But after he is baptized, the gospel of Mark immediately identifies him as Son of God. In v10, Jesus sees in his mind’s eye, the heavens torn apart, and the spirit descending upon him like a dove. Not like an eagle. The eagle was the royal bird of the Roman Empire. Christ is not about that kind of power. Interestingly enough, the eagle was never offered as an Old Testament sacrifice; the dove was—hinting perhaps at the sacrifice of Christ.
Then in v11 a voice from heaven speaks to Jesus, reassuring him and affirming his action, saying, "You are my Son, the Beloved; with you I am well pleased." Obviously, this was the voice of God. What was God pleased about? God was pleased that Jesus identified himself with us.
That is what the baptism of Jesus was about. It was not about repentance. That was what John’s baptism was about. But Jesus took John’s baptism and gave it new meaning. He was always doing this. He took the Passover and gave it new meaning as the Lord’s Supper. He took John’s baptism for the remission of sins and changed it into the mark of his people. And as the first of his people, he took the mark on himself.
It is a mark of God’s grace and favor. Look again at verses 9-11. Jesus comes to the Jordan River to be baptized by John and for Jesus this is an anointing — not just with water but with the Spirit. Baptism marks Jesus as “the Beloved” in whom God’s own nature is revealed and with whom God is “well pleased.” And when we are baptized as Christ was baptized, we are also the beloved with whom God is well pleased. That is what Christian baptism is about. It is a symbolic expression of our relationship with God. It is the mark of the people of God.
We sometimes speak of Baptism washing away our sins. That was John’s baptism. Jesus baptism was not a washing but an anointing. He was anointed with water and spirit. He was recognized as Son of God. This is his coronation. Here he is crowned king of kings—with all the favor of God.
For us, baptism is a sign of God’s favor as well, but it is favor that is unmerited and undeserved. We recognize that we can’t fake out God and be something that we’re not, so we “come clean” through repentance and confession. That was John’s baptism and we still need that, but we need the baptism of Jesus even more.
Our baptism connects us with Jesus and brings us not only forgiveness of sins, but the power to resist sin. When the great reformer Martin Luther was tempted, he would often put his hand on his head to remind himself that he was baptized — that he was different, that he could resist temptation because in baptism he was identified with Christ. Our baptism into Christ reminds us that we are a people who are different. We are an empowered people, empowered to live good lives that are well pleasing to God..
In his baptism, Jesus was anointed King. In our baptism, we are anointed kings and queens. Right now our royalty is perceived only by faith. We receive baptism and all the promises of baptism by faith. But at the end of time, all those promises will be made visible. In Matthew 19, Jesus says that it is easier for a camel to go through the eye of a needle than for a rich person to enter the Kingdom of God. Everyone was astonished by that statement, and they said, How then can anyone get into the Kingdom? Jesus replied that what is impossible for people is possible for God. In other words, no one can save themselves entirely by their own efforts, but God can save us. When Jesus said that, Peter said, Lord, you know some of us given up everything to follow you, what about us? What about me? Very natural question, I suppose. Jesus said, Don’t worry about it. You will have a throne right by me. At the end of time, the people of God will wear royal robes and sit on thrones as brothers and sisters of Jesus. That is what our baptism symbolizes.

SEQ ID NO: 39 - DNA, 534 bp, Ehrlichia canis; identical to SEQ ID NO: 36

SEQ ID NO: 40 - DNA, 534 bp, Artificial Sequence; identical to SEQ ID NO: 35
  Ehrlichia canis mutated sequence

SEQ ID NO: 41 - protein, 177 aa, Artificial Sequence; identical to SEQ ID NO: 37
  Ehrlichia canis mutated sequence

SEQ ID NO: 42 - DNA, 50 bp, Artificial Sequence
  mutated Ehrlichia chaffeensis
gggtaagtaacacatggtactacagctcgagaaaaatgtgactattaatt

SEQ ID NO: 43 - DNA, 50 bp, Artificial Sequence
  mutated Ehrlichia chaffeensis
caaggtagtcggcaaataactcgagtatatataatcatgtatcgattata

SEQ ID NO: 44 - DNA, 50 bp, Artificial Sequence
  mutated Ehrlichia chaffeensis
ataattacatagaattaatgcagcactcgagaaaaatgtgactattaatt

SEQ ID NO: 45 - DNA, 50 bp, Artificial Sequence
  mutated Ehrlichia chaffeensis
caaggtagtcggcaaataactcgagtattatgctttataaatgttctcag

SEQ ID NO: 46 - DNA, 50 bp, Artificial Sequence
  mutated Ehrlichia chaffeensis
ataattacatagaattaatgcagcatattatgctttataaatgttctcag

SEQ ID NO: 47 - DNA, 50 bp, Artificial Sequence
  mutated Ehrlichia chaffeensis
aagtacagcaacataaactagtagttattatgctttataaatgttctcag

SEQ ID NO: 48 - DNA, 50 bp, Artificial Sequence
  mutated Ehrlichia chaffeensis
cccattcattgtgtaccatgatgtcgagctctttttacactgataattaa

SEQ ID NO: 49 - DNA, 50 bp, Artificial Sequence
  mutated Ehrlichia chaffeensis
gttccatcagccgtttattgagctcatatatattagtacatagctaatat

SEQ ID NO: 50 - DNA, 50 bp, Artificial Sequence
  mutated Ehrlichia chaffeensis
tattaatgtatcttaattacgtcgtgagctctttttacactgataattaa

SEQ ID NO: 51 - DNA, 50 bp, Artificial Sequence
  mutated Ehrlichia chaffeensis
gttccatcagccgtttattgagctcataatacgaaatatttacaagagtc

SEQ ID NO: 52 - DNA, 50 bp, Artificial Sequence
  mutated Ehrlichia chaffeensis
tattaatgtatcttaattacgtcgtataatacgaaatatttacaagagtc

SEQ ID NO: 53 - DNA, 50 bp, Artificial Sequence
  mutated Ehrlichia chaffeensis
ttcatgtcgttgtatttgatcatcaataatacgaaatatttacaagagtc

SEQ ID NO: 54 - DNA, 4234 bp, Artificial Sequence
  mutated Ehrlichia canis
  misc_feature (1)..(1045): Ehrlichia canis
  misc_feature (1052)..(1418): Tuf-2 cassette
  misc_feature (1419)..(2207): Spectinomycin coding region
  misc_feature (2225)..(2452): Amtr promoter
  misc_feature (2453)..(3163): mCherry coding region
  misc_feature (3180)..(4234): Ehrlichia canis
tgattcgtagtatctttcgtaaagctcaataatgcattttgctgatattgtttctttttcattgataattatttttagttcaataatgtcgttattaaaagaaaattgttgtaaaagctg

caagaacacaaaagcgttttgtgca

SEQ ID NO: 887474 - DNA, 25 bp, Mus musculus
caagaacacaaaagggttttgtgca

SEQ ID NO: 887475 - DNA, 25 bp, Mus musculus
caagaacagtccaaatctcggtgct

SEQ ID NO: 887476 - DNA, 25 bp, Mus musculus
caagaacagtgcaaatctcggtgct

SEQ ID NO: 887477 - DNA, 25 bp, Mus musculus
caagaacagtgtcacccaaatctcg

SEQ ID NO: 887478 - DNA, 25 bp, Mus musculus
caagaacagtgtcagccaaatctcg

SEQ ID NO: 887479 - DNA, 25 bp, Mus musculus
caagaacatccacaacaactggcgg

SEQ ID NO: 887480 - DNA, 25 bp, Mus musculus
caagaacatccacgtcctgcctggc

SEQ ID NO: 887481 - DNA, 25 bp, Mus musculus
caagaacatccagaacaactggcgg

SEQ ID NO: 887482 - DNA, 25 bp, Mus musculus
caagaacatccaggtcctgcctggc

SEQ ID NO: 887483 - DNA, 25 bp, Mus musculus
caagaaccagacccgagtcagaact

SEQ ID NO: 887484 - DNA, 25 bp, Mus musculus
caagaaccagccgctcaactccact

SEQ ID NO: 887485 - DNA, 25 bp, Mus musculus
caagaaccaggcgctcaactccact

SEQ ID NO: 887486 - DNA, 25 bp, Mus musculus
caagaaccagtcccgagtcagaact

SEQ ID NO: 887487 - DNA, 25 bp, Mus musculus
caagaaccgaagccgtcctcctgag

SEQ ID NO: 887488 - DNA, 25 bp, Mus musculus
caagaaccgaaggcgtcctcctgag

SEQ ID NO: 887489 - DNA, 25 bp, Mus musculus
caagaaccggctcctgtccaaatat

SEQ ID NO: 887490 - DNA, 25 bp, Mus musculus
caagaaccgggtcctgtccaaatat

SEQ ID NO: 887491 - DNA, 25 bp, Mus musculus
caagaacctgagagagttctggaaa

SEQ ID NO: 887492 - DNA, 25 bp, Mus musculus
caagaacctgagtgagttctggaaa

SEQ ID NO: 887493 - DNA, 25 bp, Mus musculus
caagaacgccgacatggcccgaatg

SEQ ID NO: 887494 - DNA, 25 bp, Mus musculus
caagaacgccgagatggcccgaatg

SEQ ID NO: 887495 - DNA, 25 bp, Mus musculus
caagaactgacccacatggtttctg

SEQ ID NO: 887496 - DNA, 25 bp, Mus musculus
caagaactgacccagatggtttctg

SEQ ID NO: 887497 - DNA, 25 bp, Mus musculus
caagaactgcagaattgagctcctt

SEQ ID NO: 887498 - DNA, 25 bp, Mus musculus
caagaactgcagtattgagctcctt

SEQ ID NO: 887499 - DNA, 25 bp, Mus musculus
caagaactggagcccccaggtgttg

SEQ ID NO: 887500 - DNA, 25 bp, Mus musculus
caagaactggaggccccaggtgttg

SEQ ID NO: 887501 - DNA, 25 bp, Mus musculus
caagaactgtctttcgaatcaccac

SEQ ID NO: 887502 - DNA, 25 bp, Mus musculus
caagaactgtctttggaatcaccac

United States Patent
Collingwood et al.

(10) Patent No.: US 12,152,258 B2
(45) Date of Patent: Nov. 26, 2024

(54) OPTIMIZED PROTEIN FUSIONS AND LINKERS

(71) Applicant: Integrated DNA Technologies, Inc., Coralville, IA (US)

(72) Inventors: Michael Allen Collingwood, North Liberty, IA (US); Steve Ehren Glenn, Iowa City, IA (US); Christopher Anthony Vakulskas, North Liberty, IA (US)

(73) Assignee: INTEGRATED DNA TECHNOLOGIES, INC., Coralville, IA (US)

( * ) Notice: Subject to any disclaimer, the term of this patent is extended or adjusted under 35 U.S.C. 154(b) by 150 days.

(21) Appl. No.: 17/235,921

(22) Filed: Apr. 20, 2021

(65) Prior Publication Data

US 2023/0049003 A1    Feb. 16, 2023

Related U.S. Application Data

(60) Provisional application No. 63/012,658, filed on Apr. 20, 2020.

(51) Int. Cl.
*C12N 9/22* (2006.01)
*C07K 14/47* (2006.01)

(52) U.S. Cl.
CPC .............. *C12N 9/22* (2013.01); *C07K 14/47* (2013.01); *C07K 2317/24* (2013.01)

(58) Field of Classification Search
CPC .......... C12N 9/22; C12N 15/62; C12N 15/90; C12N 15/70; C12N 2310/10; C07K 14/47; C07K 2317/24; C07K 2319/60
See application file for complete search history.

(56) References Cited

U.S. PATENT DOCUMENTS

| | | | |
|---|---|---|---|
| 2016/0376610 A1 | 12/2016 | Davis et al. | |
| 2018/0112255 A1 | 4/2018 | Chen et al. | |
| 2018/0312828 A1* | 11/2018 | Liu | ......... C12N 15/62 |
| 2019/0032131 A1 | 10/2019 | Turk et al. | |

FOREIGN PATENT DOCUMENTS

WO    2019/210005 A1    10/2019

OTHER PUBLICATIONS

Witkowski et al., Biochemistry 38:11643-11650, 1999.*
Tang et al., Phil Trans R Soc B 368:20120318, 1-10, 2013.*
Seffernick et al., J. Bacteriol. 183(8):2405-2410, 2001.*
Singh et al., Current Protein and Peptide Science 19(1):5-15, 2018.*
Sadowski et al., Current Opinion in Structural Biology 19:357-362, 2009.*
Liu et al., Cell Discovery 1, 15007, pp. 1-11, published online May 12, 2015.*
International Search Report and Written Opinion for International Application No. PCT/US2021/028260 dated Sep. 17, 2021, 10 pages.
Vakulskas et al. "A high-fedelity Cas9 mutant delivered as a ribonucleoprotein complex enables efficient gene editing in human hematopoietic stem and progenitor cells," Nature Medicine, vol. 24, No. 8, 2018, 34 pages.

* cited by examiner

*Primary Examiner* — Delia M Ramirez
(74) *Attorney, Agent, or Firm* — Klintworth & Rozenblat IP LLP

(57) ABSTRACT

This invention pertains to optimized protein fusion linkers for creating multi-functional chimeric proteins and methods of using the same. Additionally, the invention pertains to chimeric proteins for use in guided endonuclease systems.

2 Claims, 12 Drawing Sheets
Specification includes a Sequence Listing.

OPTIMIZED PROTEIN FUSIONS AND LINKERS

There’s more. Jesus’ baptism in the muddy Jordan symbolized his getting down into the world and identifying himself with us. In the gospels, his baptism was the beginning of his public ministry. Thus, for us, baptism is also preparation for ministry.
Baptism is a sign that we pledge allegiance to a different kingdom — the kingdom of God, and that allegiance is worked out in our service to others. I Peter 2:9 says to us, “You are a chosen race, a royal priesthood, a holy nation, God's own people.” That is what our baptism symbolizes, but then Peter adds, you are “God’s own people in order that you may proclaim the mighty acts of him who called you out of darkness into his marvelous light.”
Our baptism as “a chosen race, a royal priesthood,” gives us a purpose. Our baptism is a commission and a call. The followers of Jesus are called to be where Jesus is. Jesus is standing in the dirty water of the world. He is right here among us, working to end the suffering and hurting and oppression of the world, working to help others and calling us to that same ministry.
Thus, what we do now matters. We are agents of the coming of the kingdom where we are today. Right here in York, we are called to work for God. Right here, right now, we can experience the promises and purposes of God in our lives.
Our baptism, then, invites us to live in a new reality, a reality where we are royalty but are called to work for our own royalty. We are saved, but are called to work out our own salvation.
This insults our idea of royalty, it goes against our idea of salvation. Jesus always did that. Jesus was the king of kings. He got down in the mud to help us. He makes us kings and queens and calls us to get down in the mud to help others. That is not a human idea of what a king or queen does, that is God’s idea for God’s kingdom.
We should examine ourselves and make sure that we are not fake Christians with spray on mud. As we begin this new year, it is a good time to ask ourselves if we are the real thing. Is our baptism real? That means: What kind of ministry do we have? What are we doing to help others? Amen.
Sources for Sprayonmud:
Andrews, Robert. “Spray-On Mud Makes a Splash.” Wired News, June 10, 2005. wired.com.
“Spray-On Mud gives SUVs panache.” Arizona Daily Star (Tuscon), June 19, 2005. dailystar.com.
Sprayonmud Web Site. sprayonmud.com.
If you have questions or comments, email Tony Grant